The entire soil food web, from earthworms to one celled bacterium, is more effective if they’re not disturbed.

Reduce Soil Disturbance

We have a tendency to think of soil disturbance as a plow in a field, but a rototiller is the same thing on a smaller scale. Rototilling your garden soil makes it look nice and creates a level surface for creating seed furrows. But it also destroys soil structure. Beneficial fungi are especially prone to destruction by tilling because they put out long one-celled strands, called hyphae, that hold the soil macroaggregates together which increase the nutrient and water available to your plants.

Beneficial microorganisms are busily decomposing any plant roots left in your garden. If you pull up those roots for compost, you are also pulling up and composting those microorganisms. It’s soil disturbance you may not have ever considered.

We’ve been taught that removing plant residue is necessary to control plant diseases. But let’s examine that idea further. Plant roots left in the soil are a source of carbon and other nutrients for microorganisms. When there is a diverse food source there will be a beneficial microorganism community filling the niches in the soil food web. There are always a few pathogenic microorganisms but, if the beneficials aren’t disturbed, they keep them in control.

Take your clippers to the garden in the spring and cut off the dead aboveground vegetation. That can go into your compost (as a brown, because it’s dead) but leave the roots in the ground. Remember, those dead plant roots are a major source of carbon and nutrients for your soil microbiology. Now you’re ready to plant using a no-till method.

A dibble (or dibbler) is a great tool for planting your garden, creating a limited disturbance of your soil. Never heard of one before? They come in all shapes and sizes. And if you’re handy you can make one in your workshop. This video explains the how and why of a dibble. (5) Enjoy!


You may hit a spot of old root when you’re dibbling your garden. Move the dibble a bit and you’ll be fine. That old root has a colony of beneficial microorganisms that will keep pathogens away from your sprouting seed.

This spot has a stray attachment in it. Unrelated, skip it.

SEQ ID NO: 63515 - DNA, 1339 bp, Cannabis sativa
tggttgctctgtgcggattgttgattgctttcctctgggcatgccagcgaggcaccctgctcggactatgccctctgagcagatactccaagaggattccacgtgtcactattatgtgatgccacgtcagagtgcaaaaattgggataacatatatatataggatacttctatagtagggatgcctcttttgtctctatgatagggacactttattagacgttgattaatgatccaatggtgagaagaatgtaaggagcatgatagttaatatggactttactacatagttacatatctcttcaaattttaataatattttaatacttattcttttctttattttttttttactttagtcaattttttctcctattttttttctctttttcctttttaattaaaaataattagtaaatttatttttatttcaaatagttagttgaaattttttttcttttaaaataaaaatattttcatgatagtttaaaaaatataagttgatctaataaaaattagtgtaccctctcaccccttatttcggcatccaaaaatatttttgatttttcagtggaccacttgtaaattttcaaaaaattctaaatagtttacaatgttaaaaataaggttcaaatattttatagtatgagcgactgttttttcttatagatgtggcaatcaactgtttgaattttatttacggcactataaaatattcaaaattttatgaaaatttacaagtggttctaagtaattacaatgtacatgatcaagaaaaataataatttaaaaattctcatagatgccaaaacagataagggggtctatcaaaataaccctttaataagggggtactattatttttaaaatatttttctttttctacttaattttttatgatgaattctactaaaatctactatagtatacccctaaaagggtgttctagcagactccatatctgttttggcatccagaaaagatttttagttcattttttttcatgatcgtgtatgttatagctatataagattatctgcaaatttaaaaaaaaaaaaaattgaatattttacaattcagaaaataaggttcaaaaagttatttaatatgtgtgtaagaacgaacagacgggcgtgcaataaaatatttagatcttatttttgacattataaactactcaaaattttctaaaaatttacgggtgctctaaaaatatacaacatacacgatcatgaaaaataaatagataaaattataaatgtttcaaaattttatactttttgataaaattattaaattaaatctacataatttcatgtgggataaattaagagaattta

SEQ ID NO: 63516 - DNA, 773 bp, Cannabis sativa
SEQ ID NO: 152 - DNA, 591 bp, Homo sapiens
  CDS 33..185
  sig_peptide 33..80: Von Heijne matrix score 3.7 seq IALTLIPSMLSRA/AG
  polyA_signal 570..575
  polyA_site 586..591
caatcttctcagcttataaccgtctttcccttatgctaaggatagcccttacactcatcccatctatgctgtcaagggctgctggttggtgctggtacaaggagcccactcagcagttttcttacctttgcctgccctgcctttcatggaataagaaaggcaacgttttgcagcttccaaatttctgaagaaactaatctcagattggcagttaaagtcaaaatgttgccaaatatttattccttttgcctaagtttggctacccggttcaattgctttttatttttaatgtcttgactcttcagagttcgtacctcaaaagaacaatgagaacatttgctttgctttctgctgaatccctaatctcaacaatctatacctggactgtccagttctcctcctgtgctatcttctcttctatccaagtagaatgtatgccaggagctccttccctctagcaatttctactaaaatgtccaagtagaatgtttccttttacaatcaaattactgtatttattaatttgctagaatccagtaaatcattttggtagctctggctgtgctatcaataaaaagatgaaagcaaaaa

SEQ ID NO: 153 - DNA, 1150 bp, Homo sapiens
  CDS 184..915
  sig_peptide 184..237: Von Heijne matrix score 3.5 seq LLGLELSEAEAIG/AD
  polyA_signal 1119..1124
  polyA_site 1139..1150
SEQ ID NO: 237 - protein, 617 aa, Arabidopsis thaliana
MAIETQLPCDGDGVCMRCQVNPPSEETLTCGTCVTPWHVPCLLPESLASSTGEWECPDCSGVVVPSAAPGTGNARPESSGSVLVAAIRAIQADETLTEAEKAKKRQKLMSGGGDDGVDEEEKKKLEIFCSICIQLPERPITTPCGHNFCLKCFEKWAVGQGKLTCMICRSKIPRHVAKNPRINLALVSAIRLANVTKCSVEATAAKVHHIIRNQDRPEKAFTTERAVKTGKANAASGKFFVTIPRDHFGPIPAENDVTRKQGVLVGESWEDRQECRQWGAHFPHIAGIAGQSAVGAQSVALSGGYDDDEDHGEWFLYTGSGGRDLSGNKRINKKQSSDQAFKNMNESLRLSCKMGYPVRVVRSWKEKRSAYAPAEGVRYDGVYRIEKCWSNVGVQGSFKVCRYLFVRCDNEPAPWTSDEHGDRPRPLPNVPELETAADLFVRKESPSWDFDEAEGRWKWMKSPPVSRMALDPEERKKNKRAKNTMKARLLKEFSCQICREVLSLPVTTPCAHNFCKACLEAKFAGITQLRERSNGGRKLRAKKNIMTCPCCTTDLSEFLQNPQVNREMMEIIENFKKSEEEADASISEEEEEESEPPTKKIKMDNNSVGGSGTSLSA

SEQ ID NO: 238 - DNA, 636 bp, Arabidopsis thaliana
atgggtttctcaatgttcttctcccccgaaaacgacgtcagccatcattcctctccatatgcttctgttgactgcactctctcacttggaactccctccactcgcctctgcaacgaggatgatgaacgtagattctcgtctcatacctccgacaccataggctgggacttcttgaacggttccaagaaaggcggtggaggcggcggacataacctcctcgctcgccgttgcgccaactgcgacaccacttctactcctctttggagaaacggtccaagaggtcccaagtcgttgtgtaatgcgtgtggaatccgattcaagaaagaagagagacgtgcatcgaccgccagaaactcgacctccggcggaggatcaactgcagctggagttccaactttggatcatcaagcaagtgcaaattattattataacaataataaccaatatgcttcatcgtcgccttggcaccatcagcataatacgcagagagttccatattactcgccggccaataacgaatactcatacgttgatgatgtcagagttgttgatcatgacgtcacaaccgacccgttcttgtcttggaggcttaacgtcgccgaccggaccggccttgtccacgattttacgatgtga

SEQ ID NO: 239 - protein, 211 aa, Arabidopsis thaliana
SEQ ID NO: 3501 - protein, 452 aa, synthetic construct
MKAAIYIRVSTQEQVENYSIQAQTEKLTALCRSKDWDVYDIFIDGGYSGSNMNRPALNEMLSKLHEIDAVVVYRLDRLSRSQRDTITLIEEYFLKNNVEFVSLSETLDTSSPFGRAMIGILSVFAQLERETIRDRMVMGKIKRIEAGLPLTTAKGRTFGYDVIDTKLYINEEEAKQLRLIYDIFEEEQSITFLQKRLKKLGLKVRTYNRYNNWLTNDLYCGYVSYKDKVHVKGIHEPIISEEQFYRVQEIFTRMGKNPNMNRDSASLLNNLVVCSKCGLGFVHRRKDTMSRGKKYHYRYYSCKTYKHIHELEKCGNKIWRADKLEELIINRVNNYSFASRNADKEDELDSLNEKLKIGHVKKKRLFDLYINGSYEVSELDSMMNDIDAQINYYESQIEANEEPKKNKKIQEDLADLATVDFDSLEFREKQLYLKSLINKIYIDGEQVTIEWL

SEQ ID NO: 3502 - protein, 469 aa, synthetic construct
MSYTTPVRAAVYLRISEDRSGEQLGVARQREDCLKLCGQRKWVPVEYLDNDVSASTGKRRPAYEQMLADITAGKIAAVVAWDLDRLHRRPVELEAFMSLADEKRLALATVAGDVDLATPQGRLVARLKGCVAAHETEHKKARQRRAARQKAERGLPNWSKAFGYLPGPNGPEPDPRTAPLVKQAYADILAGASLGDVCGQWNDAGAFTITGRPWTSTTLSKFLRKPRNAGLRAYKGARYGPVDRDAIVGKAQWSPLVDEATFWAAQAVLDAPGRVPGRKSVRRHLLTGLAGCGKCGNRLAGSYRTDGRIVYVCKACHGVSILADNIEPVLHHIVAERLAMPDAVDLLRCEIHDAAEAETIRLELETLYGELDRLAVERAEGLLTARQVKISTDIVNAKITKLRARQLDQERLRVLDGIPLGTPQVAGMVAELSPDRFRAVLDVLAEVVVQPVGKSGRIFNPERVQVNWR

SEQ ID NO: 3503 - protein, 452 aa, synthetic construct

Reduce Synthetic Fertilizer, Pesticide, and Fungicide Use

But you’ll only have beneficial microorganisms if you use natural soil amendments.  Synthetics kill and disrupt the soil food web. The use of synthetic fertilizers short circuits the plant/microorganism symbiotic relationship. That affects other members of the food chain. If there are fewer microorganisms there will be a decrease in earthworms and other macro-organisms that count on fungi and bacteria as a food source.

Spraying for pests and diseases is often counterproductive. Do you seem to have the same disease and pest issues every year? The use of synthetic fungicides, pesticides, and herbicides, along with synthetic fertilizers, creates an inhospitable environment for all soil biology, including all the beneficials. Soon you’ll have no soil biology at all. That means you have to supply all the nutrients for your plant’s survival.

Surviving and thriving are not the same. We can add the nutrients we know plants need but the unknown combinations of organic matter, microbes, and nutrients are missing. Your garden will survive with synthetics. Those pesky disease and pest issues you keep having? There aren’t any beneficial predators to take care of them. So, you spray again, it’s a vicious cycle. But it’s a cycle you can choose to stop.

Your garden will thrive when plant nutrients are available through biological activity. Add compost to your garden this year and be patient. Be sure and leave as much of the plant biomass of your crops as possible in the garden. Remember to leave roots in the ground. Plant some cover crops to increase the number of days you have living roots in the soil.

The synergies between all the components of soil are necessary for true soil health and for nutrient dense crops in your vegetable garden. Soil scientists learn more every day about the microbial inhabitants of healthy soil and their relationships to the plants above and below ground.

Nutrient Dense Food is a Product of Healthy Soil

Your vegetable garden is an amazing place. Unlike a farm that may be growing only a few crops you’re planting a diversity of plants. Nurturing an environment that provides food and shelter for birds, beneficial insects, macro and microorganisms is key. Natural soil amendments will boost your soil biology. Kaytonik is a soil amendment that improves your soil for optimum plant growth.

Paying attention to soil health pays off in plants with higher nutritional value and less disease and pest damage. Watch as the earthworms come back, the predatory beneficial insects take out the pests, and disease doesn’t haunt your garden anymore. It’s all about the soil.

 

 

Sources

  1. https://crops.extension.iastate.edu/encyclopedia/how-reduce-potential-soil-erosion-early-spring#:~:text=The%20impact%20of%20millions%20of,immediately%20lost%20from%20the%20field.
  2. https://www.nrcs.usda.gov/Internet/FSE_DOCUMENTS/stelprdb1101660.pdf
  3. https://www.seattletimes.com/life/lifestyle/lessons-from-thomas-jeffersons-organic-garden/
  4. https://www.frontiersin.org/articles/10.3389/fpls.2017.01617/full
  5. https://www.youtube.com/watch?v=yOZNRvlECic

 

 

Posted in: Gardening, Soil For Humanity, Soil Health